How to become a certified SEM user?

To become a "certified" SEM user, the user must go through mandatory training involving: two sessions of one-on-one SEM training with an operator, and nine hours of independent certified user usage (with assistance and supervision from an operator as needed). This will ensure that the user can operate the machine safely and responsibly. The total cost is $500 per user.  After certification, the cost for certified SEM user is $40/h.   

All "certified" users will need to be re-certified if he/she has not used the SEM for a minimum of 2 hours every month.

Due to the cost and time involved, we recommend certification only to frequent user and not occasional user of the SEM.  If the user only has a few samples to run once every 4 months, then it would be more cost-effective to the user to run this under Operator Service. 

Why we don't need a lot of sample for SEM analysis?

To our users with powder samples, we wish to remind them that one does not really need tons of samples to do SEM.  Powders should be uniformly spread over a 1 mm x 1 mm area (in a layer a few microns thick) and attached securely onto the carbon tape.  We definitely do not need powders spreading over an area larger than 1 mm x 1 mm and/or in a layer thicker than 10 microns.  Here, we should remember: LESS is MORE, b/c:

(a)  A finely focussed electron beam (<10 nm dia.) hitting any sample (especially the "gassy" ones) at high energy will cause local heating/interaction that leads to rapid gas desorption, which will cause the filament (sitting at the EHT voltage) to arc (the filament will not survive above 5x10-9 mB).  Field-emission filament will not be able to handle a lot of arcings like that, which will shorten its lifetime significantly.  So, the less samples that one uses, the more stable is the machine. 

(b)  Powder samples that are too thick (or not securely attached to the carbon tape) will also lead to partial charging.  This is b/c the electron beam typically penetrates a few microns, creating secondary electrons that are finding their way to the carbon tape.  If the sample is too thick, these secondary electrons stay inside the bulk and the sample will charge up, leading to bad images.  

(c)  More samples in the chamber will lead to a poorer vacuum, and it will take a longer time to pump the system down to the acceptable operating vacuum condition.  Less gas in the chamber and less gas desorption from the sample (as induced by the high-energy electron impact) will also improve image quality.

Making a reservation on a tool?

Upon certification, the user will be given instruction on how to make reservation on the tool using google calendar. 

Cancellation policy   We require at least 2 working days to cancel the reserved time slot, so that other user will have enough time to book the free-up time slots.  Do not cancel your reservation a few minutes or a few hours before the reserved time.  This is unacceptable and is inconsiderate to other users.  We are monitoring the reservation calendars at all time.  Any user caught not respecting the cancellation rule will have their booking privilege terminated permanently.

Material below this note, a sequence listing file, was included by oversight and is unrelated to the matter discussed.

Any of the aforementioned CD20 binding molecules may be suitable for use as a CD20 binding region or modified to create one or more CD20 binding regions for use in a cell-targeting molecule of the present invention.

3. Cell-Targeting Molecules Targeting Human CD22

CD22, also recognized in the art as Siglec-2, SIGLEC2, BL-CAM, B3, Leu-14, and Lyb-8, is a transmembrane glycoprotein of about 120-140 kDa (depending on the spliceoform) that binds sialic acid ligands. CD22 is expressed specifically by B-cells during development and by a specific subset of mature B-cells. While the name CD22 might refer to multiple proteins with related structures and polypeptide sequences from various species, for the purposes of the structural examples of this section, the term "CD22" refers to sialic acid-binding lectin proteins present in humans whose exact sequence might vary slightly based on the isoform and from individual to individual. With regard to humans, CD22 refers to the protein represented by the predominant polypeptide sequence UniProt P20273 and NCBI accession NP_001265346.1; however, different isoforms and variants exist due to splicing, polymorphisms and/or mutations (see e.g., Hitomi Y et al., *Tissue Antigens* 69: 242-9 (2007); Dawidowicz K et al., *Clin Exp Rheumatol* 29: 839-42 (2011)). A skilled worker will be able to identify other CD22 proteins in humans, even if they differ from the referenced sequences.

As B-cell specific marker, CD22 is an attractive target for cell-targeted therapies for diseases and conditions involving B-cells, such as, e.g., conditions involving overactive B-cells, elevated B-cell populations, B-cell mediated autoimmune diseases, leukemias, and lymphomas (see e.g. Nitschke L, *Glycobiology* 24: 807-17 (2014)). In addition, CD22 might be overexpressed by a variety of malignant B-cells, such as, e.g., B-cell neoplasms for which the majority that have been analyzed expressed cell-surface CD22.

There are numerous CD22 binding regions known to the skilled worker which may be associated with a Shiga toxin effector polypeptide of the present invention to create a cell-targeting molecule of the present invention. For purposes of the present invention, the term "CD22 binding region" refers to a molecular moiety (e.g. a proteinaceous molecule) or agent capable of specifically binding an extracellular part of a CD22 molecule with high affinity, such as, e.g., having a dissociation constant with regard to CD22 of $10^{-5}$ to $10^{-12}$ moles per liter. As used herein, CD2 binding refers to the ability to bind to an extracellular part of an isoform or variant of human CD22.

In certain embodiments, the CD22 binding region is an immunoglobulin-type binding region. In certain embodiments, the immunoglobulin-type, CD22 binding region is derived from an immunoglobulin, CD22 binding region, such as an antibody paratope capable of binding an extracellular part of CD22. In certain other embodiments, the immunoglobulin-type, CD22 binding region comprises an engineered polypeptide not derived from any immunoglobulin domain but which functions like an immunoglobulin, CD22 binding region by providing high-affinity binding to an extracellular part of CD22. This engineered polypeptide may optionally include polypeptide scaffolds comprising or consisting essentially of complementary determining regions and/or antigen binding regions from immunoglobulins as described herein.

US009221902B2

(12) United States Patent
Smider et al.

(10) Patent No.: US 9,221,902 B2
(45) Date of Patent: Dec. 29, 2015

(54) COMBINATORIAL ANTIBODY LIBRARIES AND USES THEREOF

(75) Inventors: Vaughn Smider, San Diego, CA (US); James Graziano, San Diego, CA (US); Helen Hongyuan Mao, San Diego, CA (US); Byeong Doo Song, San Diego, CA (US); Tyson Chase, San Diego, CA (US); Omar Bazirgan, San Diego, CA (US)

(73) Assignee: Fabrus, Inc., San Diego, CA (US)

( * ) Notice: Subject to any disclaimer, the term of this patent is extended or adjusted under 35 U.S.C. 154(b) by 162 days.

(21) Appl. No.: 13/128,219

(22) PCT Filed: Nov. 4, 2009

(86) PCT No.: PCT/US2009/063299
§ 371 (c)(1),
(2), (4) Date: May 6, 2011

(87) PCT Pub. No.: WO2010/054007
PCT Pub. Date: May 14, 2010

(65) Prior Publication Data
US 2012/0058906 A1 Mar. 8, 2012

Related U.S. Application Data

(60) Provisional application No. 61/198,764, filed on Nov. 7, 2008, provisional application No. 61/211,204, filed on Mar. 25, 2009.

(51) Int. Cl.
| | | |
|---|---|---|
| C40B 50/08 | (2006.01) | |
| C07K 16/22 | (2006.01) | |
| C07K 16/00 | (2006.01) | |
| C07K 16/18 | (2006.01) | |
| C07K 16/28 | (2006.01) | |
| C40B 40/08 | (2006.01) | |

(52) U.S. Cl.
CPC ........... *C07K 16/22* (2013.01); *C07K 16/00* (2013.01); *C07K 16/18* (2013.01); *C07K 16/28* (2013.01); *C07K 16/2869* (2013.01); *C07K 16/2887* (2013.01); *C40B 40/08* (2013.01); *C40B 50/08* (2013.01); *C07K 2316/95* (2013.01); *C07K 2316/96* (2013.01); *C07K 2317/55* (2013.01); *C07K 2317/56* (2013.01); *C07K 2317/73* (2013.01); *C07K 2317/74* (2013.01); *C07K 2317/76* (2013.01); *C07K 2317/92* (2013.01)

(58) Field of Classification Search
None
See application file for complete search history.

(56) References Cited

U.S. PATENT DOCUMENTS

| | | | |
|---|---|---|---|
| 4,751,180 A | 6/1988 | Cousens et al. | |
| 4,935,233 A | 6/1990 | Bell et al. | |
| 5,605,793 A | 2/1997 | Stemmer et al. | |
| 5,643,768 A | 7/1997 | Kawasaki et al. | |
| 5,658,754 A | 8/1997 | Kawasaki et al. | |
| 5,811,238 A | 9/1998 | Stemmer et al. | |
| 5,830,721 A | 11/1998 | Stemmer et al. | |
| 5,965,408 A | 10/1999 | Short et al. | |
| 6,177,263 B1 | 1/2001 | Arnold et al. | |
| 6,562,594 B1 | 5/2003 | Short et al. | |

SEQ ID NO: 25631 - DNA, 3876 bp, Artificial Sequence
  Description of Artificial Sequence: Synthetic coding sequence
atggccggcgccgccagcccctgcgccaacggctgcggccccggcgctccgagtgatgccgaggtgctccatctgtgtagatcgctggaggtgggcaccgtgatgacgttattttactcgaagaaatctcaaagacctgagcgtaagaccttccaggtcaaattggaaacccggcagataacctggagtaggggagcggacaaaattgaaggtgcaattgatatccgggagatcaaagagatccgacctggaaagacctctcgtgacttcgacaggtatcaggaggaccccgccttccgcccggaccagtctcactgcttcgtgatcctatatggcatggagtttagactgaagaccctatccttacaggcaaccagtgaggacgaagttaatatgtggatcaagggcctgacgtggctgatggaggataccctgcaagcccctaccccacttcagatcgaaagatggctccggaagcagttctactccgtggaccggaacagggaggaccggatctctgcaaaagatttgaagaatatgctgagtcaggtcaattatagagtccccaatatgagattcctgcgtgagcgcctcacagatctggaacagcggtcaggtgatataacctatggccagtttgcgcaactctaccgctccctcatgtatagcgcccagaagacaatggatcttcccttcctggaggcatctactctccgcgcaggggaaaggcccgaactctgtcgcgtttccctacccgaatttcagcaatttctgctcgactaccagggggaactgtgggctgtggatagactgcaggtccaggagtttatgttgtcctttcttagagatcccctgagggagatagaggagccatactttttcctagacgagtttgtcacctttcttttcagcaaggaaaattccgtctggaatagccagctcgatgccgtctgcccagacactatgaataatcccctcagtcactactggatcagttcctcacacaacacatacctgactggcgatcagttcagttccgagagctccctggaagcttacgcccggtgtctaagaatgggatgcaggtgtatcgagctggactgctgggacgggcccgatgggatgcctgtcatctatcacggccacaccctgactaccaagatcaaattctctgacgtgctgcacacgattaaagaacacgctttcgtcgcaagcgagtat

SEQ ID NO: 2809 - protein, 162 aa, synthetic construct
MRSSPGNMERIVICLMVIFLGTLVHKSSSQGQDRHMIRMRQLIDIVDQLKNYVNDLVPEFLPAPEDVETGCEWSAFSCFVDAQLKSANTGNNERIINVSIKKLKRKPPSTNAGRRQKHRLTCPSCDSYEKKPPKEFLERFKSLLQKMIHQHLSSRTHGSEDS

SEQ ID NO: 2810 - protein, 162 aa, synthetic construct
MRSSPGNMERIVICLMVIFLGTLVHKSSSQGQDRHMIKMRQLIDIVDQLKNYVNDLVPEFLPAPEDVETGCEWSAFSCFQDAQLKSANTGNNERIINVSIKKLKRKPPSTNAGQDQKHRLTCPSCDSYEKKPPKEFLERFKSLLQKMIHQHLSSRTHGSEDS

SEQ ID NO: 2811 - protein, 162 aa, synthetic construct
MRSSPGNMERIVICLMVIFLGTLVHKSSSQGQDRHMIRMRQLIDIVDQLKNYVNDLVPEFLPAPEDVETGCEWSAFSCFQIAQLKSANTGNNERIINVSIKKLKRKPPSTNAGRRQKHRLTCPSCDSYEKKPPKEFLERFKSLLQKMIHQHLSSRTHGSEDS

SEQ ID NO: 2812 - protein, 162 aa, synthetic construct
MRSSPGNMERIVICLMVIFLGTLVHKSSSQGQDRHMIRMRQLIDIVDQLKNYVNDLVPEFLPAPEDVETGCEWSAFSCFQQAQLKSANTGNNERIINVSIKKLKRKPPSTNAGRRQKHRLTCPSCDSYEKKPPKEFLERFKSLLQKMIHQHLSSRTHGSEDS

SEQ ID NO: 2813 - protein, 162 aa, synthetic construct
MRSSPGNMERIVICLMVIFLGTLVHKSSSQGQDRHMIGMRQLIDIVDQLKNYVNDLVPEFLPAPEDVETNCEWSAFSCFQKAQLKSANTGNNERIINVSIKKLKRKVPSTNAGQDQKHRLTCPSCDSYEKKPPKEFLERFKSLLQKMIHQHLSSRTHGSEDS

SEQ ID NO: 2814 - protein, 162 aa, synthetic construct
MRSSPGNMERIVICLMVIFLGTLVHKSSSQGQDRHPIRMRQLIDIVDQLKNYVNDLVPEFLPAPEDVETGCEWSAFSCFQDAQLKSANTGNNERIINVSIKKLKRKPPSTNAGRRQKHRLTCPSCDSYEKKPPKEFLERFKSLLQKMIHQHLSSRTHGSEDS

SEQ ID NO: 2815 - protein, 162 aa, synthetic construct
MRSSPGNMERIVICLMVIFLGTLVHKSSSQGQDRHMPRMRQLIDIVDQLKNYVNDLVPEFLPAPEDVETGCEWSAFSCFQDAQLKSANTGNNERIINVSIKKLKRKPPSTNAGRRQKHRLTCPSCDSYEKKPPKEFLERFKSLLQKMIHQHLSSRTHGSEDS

Walk-in   If you are unsure about whether your samples will be ready for the reserved time, try a "walk-in".  Check the calendar to see if the machine is free at the time.  If the machine is free, then you can walk in and use the tool until the next reserved time slot.  (You can register your booking on the calendar once you are in the lab and confirm that the tool is indeed free.)  In this way, you are not affecting other users.

What is WATLab?

As a result of the funding from the Government of Canada and the Province of Ontario in the first CFI competition in 1999, we managed to establish an open-access, multi-user materials research and characterization facility dedicated for multi-mission research by academic and industrial users in Ontario and Canada.  The initial funding enabled us to acquire two unique tools: a VG ESCALab 250 and a LEO FE-SEM.  With enormous and continued support from local colleagues and elsewhere, we were able to secure further CFI funding in subsequent competitions.  WATLab has since evolved into one of the best materials research centres in North America, with a complete, unique set of tools second to none for advanced materials and nanoscience research.

Who is supporting WATLab?

Contrary to what WATLab may appear, WATLab is a facility run by my own group, and is not supported by local administrations.  Despite the impact of WATLab in facilitating advanced research and training at the University of Waterloo, we are really running on a shoestring budget and our financial security is precarious at best.  Despite this, we continue to do what we can to  provide on-campus service and support to all departments on a "partial" cost recovery basis.  We will assist other research groups in their research objectives to take advantage of this unique world-class facility for advanced research.